Is it still possible to love Moroccan cookery if you can’t stand fruit in savoury dishes? Yes, discovers Camilla Stoddart
I love Morocco. Everything about it is exotic and visually pleasing — the landscape, the interiors, the souks, the carpets, the slippers — but there is a major hurdle lying between me and full Moroccophile status. This hurdle is fruit. Or more specifically fruit combined with meat. I don’t have many personal food rules but not mixing fruit with meat is one of them. And Moroccans don’t just flout this rule, they beat it to a pulp with a tenderising hammer and then scatter prunes, dates, apricots and pomegranate seeds on top of it. Take harira, the gutsy lamb, lentil and chickpea soup traditionally eaten during Ramadan to break the fast; it’s absolutely delicious but in Morocco it’s served with dates or figs. And then there are the slow-cooked tagines of chicken with apricots and almonds or lamb with honeyed prunes and roast chickens stuffed with raisins, pistachio nuts and couscous. Sometimes it feels like an insurmountable hurdle ….
On closer inspection, it isn’t just the fondness for fruit I find difficult, it is also the blurring of the boundaries between sweet and savoury. A typical meal in Morocco might start with a refreshing salad of sliced oranges with olives and onions then move to a main course of grilled fish stuffed with dates and almonds and finish with candied aubergines for pudding. Collectively the Moroccans appear to have a very sweet tooth and it influences everything they cook.
But recently I read something that made me wonder whether I couldn’t overcome my aversion to sweet things in a savoury context. Apparently some supposedly ‘sweet’ spices such as cinnamon and vanilla aren’t actually sweet at all but because our brains associate them with sugary desserts, we register a sweetness that isn’t even there. The same is true of other common Moroccan ingredients such as cardamom, ginger, almonds, rosewater, orange flower water and preserved lemons, none of which are actually sweet; exotic and perfumed, yes, but not sweet.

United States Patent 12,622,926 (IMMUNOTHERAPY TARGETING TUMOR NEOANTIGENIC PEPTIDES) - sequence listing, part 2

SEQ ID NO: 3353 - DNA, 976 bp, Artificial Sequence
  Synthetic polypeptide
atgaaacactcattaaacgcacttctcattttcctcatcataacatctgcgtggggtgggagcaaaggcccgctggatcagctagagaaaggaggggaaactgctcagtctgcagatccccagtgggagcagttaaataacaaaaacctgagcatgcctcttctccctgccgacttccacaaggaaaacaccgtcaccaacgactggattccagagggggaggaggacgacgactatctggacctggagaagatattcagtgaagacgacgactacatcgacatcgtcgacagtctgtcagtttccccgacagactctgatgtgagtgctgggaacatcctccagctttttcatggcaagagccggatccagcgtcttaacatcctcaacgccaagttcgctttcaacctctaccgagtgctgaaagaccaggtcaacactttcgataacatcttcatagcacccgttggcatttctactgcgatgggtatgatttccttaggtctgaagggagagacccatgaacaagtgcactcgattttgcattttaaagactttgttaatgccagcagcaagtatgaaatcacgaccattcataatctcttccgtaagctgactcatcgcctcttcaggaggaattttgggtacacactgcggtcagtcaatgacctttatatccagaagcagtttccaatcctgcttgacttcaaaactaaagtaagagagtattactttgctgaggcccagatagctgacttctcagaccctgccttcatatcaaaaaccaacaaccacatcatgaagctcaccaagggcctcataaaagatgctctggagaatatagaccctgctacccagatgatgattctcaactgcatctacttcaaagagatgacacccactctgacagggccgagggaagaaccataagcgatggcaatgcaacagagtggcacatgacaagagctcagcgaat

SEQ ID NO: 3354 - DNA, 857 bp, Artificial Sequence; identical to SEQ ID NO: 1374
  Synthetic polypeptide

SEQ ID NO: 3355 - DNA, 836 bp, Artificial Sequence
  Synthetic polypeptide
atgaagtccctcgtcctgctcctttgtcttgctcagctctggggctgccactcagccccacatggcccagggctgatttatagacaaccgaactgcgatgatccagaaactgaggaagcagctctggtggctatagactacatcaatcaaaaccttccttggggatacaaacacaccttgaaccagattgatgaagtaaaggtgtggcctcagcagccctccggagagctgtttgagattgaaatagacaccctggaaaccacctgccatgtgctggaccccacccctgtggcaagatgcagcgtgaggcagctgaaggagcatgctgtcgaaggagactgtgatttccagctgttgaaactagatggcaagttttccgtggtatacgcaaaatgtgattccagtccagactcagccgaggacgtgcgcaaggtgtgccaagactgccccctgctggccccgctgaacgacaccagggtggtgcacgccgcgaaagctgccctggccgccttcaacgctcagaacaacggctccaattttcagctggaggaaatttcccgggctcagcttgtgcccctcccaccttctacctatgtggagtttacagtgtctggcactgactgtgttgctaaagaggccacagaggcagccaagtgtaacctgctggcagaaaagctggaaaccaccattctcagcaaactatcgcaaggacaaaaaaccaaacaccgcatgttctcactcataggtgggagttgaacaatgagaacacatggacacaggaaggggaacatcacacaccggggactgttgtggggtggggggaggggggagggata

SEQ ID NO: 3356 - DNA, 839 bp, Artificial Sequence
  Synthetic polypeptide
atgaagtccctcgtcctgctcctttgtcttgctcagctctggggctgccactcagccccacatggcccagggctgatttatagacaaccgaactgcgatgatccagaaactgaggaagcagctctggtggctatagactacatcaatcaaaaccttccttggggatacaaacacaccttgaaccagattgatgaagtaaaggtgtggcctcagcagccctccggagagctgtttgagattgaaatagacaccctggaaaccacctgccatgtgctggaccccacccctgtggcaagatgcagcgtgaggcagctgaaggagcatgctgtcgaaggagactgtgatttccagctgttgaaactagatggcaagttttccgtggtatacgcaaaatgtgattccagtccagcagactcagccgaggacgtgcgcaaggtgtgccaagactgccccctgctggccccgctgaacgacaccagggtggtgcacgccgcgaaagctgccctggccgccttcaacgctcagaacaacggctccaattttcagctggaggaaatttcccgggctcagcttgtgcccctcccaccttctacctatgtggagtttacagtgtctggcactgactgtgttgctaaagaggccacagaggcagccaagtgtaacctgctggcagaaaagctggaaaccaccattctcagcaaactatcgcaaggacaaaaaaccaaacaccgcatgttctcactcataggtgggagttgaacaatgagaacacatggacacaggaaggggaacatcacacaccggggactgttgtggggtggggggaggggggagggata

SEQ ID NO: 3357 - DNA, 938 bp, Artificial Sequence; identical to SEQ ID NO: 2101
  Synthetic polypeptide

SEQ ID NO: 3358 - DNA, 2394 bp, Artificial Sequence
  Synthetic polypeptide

Once I realised that perceptions of sweet and savoury could be learned, I started experimenting at home where I could be in control of exactly what went into the pot. Cooking Moroccan food can be delightfully simple and very satisfying and by taking timid baby steps with the unfamiliar combinations of ingredients, I have begun to retrain my brain to enjoy the fragrant loveliness of some of the key flavours (the books of Claudia Roden and Ghillie Basan have been wonderful guides). I haven’t yet graduated to willingly adding apricots or prunes but I no longer struggle with the supposed sweetness of everything and I have come to love dishes such as lamb tagine with caramelised baby onions, cinnamon and ginger, chicken with saffron and honey and glazed carrots with coriander and orange flower water. A whole new world of delicate, aromatic flavours has opened up to me.
I have also discovered that Morocco’s distinct and diverse cuisine has plenty of other things to tempt a conscientious fruit objector; there are grilled spiced meats, tasty minced lamb kebabs and fried fish with chermoula (a bold marinade of garlic, coriander, chilli and paprika) as well as fresh dips and unusual salads, mini fish cakes, crisp briouats (deep fried parcels of spiced meat or cheese and herbs), meatballs spiked with harissa (hot chilli sauce) and couscous-stuffed vegetables. Along the way I have even decided that some fruits are permissible in meat dishes: quinces with their inbuilt tartness are delicious in lamb tagines while preserved lemons add an aromatic bitterness to chicken with olives. Maybe I can call myself a fully fledged Moroccophile after all.